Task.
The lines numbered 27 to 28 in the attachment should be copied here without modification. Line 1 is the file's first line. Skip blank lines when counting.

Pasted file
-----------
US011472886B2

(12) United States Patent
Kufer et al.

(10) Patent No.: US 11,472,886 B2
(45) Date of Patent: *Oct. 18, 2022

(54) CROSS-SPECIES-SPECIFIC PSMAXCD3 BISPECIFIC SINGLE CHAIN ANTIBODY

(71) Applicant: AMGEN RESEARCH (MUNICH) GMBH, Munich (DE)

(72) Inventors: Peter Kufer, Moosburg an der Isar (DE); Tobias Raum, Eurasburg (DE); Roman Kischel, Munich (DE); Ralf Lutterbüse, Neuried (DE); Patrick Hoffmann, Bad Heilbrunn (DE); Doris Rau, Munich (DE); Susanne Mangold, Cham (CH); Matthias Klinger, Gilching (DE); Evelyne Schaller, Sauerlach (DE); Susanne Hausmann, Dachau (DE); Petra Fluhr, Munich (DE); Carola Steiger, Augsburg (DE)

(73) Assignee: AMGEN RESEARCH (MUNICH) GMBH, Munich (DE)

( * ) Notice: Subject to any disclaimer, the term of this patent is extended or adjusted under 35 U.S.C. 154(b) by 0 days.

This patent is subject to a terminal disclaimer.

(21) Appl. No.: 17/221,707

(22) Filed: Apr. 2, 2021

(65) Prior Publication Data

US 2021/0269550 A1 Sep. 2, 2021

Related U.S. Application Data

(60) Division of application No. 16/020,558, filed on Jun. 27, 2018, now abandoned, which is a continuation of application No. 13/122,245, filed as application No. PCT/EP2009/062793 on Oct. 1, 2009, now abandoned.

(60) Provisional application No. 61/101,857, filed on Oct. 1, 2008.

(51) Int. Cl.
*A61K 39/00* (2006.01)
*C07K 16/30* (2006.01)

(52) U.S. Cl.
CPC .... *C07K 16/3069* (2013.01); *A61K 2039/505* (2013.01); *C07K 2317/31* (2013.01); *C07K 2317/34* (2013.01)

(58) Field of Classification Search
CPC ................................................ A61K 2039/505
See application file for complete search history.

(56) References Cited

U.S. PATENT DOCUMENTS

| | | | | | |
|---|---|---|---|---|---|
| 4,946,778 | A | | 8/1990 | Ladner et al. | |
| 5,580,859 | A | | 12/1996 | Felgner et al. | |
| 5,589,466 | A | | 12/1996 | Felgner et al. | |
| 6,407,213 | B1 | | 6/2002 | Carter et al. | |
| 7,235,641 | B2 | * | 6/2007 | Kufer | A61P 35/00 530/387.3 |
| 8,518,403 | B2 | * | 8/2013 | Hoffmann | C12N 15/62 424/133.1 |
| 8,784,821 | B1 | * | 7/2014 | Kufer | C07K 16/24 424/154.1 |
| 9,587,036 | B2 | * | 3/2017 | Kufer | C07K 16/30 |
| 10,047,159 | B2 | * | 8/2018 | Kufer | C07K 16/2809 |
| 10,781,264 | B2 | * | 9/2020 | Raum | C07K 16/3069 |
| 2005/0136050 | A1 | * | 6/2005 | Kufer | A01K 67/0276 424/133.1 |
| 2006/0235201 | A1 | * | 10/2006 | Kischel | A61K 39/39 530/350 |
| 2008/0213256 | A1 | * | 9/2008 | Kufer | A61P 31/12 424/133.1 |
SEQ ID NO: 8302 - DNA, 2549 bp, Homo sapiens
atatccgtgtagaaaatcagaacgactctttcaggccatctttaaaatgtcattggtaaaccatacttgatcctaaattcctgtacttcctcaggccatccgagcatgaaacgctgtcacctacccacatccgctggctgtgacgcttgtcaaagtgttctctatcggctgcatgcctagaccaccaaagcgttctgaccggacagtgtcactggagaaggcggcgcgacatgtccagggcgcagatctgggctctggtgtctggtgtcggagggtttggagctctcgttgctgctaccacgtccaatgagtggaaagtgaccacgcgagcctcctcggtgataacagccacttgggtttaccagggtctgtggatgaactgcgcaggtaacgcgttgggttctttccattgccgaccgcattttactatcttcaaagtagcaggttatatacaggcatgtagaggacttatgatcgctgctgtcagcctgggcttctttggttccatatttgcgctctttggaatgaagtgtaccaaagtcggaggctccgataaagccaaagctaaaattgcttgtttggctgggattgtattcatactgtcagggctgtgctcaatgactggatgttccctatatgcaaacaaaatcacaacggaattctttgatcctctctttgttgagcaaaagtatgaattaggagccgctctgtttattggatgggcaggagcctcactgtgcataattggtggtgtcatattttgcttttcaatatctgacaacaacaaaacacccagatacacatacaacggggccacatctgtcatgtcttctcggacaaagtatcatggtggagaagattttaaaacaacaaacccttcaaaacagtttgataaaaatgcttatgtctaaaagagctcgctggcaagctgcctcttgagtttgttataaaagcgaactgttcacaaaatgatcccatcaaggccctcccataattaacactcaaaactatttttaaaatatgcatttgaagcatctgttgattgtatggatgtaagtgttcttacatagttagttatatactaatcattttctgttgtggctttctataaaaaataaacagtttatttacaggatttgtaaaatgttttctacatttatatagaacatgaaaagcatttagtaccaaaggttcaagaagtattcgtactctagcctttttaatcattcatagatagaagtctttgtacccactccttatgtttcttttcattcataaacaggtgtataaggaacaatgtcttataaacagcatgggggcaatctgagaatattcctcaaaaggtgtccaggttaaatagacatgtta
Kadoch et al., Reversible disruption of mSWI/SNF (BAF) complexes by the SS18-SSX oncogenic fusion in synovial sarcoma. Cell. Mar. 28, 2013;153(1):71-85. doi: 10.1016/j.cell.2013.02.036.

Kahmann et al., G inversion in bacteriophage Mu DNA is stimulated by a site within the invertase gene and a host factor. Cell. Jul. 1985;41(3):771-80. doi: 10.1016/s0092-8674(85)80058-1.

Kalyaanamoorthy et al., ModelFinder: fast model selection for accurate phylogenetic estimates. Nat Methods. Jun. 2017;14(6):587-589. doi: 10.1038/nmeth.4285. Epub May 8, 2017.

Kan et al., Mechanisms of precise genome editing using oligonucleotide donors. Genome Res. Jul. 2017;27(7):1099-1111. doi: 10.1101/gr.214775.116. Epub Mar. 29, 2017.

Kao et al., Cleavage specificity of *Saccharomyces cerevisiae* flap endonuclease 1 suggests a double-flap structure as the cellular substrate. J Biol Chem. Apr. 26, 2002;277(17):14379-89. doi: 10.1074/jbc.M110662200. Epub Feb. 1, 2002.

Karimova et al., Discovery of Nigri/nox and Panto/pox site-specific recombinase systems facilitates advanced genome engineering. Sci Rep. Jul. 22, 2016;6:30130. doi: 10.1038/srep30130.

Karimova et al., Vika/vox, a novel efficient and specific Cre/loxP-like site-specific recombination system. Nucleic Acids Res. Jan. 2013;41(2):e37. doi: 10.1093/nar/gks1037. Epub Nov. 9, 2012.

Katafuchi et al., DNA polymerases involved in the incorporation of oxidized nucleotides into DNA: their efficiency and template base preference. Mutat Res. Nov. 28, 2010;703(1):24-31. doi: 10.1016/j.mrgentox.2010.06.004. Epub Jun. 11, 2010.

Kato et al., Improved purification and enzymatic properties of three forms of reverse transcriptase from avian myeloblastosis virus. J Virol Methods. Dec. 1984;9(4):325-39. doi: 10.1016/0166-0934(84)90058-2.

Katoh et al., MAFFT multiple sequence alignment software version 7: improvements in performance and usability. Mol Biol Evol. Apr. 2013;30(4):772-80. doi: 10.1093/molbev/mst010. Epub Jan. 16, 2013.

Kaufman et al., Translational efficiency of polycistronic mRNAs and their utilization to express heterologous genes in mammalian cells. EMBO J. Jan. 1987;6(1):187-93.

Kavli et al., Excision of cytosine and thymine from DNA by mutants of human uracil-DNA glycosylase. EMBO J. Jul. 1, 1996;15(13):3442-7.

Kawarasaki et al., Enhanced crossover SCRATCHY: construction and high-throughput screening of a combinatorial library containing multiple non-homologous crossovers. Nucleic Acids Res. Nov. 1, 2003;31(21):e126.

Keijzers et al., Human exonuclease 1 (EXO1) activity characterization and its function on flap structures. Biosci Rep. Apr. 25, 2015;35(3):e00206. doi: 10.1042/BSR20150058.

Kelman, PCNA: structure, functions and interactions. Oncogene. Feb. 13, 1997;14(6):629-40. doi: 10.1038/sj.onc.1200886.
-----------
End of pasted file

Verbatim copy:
(56) References Cited

U.S. PATENT DOCUMENTS